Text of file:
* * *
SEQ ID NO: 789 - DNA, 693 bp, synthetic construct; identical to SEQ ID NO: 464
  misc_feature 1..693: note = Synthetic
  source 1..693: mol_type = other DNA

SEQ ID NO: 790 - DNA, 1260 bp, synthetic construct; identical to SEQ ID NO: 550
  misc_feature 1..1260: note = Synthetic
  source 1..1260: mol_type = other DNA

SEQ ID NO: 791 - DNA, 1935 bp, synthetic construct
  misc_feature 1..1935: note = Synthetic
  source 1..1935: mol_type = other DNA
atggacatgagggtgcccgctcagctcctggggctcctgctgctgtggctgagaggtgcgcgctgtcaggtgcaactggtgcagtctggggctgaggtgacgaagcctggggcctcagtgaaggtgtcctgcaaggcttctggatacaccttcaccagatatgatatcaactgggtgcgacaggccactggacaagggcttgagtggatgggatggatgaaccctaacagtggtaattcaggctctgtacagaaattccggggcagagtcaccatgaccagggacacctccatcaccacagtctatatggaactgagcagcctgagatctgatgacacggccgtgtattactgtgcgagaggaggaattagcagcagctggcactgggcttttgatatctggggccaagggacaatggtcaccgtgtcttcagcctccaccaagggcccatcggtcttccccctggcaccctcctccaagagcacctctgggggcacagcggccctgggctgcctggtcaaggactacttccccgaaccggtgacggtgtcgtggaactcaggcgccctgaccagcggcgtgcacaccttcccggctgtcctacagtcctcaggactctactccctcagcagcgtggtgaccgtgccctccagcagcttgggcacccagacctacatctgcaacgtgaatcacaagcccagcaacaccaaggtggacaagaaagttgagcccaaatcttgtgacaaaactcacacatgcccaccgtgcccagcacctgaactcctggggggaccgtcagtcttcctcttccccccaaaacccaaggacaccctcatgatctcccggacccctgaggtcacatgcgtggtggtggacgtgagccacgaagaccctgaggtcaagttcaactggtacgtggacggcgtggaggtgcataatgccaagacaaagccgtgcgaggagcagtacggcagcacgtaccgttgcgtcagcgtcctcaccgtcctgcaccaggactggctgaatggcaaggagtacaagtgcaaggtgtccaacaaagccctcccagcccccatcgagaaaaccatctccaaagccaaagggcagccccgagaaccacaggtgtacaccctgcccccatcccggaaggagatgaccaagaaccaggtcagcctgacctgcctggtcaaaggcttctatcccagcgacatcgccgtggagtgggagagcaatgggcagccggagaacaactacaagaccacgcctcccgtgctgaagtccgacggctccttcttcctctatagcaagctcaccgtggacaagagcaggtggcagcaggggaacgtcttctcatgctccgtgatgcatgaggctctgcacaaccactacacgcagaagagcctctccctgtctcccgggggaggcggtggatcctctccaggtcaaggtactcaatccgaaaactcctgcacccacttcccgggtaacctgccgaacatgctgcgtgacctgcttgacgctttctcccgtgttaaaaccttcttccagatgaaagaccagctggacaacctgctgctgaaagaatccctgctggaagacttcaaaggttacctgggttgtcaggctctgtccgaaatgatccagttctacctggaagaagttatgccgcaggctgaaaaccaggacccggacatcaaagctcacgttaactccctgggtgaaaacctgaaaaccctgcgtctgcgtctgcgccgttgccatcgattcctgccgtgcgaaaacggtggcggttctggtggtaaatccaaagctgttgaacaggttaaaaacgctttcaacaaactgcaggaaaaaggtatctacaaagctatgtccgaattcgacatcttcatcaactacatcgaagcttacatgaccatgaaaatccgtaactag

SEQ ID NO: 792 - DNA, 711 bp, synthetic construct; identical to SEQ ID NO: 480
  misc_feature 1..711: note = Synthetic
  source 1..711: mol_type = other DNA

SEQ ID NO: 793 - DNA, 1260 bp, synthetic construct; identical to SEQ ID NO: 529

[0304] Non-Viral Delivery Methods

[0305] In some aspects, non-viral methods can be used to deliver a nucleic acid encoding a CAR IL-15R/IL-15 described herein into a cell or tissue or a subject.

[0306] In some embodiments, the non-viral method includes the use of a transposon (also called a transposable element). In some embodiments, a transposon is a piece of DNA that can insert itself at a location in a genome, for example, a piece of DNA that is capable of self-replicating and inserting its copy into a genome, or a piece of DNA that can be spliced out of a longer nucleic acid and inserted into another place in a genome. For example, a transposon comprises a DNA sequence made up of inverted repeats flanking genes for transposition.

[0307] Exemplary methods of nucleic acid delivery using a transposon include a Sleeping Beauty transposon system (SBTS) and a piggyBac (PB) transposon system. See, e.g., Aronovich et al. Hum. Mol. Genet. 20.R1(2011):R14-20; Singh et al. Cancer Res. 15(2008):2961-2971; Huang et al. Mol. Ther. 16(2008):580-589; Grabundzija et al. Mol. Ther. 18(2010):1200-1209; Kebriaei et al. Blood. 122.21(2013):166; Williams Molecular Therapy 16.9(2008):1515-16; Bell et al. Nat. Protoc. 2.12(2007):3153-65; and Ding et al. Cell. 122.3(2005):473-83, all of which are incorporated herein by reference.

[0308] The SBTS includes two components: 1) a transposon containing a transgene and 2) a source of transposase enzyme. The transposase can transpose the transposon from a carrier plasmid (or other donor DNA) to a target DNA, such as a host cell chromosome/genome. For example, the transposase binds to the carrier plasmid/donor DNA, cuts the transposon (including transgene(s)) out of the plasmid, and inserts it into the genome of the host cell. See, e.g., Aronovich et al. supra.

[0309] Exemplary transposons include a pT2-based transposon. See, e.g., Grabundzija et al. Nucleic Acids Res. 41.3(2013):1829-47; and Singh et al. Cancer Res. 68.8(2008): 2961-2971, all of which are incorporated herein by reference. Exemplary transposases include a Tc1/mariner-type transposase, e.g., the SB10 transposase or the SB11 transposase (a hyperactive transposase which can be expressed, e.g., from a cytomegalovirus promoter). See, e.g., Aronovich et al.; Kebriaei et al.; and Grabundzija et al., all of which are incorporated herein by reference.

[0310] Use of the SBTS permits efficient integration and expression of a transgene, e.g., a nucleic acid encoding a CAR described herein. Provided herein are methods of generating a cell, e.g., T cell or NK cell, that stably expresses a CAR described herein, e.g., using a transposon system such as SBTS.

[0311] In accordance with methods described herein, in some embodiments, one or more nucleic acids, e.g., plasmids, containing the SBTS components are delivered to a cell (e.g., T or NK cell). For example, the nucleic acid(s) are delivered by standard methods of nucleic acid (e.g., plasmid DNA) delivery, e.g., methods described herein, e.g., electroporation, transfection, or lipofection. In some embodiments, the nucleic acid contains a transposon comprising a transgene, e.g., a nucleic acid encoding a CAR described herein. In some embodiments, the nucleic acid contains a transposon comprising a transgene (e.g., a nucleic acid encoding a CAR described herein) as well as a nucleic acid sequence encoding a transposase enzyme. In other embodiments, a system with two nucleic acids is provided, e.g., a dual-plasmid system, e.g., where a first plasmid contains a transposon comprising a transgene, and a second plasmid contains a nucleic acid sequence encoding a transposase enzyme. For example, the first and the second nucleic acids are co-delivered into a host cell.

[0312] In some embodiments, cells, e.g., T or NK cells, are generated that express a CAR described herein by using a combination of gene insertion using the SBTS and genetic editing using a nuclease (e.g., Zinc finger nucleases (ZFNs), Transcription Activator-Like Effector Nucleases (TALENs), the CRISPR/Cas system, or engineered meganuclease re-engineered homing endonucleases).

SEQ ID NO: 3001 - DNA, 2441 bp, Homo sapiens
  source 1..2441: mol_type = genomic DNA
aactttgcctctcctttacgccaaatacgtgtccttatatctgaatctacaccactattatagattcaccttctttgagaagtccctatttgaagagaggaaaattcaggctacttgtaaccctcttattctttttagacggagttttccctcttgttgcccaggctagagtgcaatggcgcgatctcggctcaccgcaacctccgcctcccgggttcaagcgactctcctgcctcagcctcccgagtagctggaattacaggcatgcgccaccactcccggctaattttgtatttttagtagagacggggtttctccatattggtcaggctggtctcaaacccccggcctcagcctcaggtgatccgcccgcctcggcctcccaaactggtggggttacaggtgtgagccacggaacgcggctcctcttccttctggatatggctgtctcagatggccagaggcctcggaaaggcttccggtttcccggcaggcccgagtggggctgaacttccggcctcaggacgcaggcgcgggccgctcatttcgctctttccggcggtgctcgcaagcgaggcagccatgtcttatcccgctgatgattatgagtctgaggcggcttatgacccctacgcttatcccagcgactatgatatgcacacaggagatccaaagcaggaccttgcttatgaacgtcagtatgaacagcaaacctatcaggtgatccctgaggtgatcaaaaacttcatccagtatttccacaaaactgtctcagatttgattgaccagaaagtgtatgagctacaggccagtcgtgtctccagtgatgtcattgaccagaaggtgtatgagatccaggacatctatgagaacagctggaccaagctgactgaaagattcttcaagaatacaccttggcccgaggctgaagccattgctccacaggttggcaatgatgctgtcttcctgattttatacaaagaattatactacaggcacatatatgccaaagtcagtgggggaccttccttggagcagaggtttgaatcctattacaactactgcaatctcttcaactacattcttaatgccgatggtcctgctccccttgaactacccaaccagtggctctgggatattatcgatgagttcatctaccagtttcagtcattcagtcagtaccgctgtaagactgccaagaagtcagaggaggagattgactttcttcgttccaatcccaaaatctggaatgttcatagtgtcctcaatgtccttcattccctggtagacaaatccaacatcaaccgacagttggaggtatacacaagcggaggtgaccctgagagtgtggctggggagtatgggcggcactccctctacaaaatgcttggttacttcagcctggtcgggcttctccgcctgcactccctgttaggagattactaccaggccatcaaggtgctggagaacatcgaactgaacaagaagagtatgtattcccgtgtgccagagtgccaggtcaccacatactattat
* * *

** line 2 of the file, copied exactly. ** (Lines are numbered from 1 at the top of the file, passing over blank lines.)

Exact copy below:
  misc_feature 1..693: note = Synthetic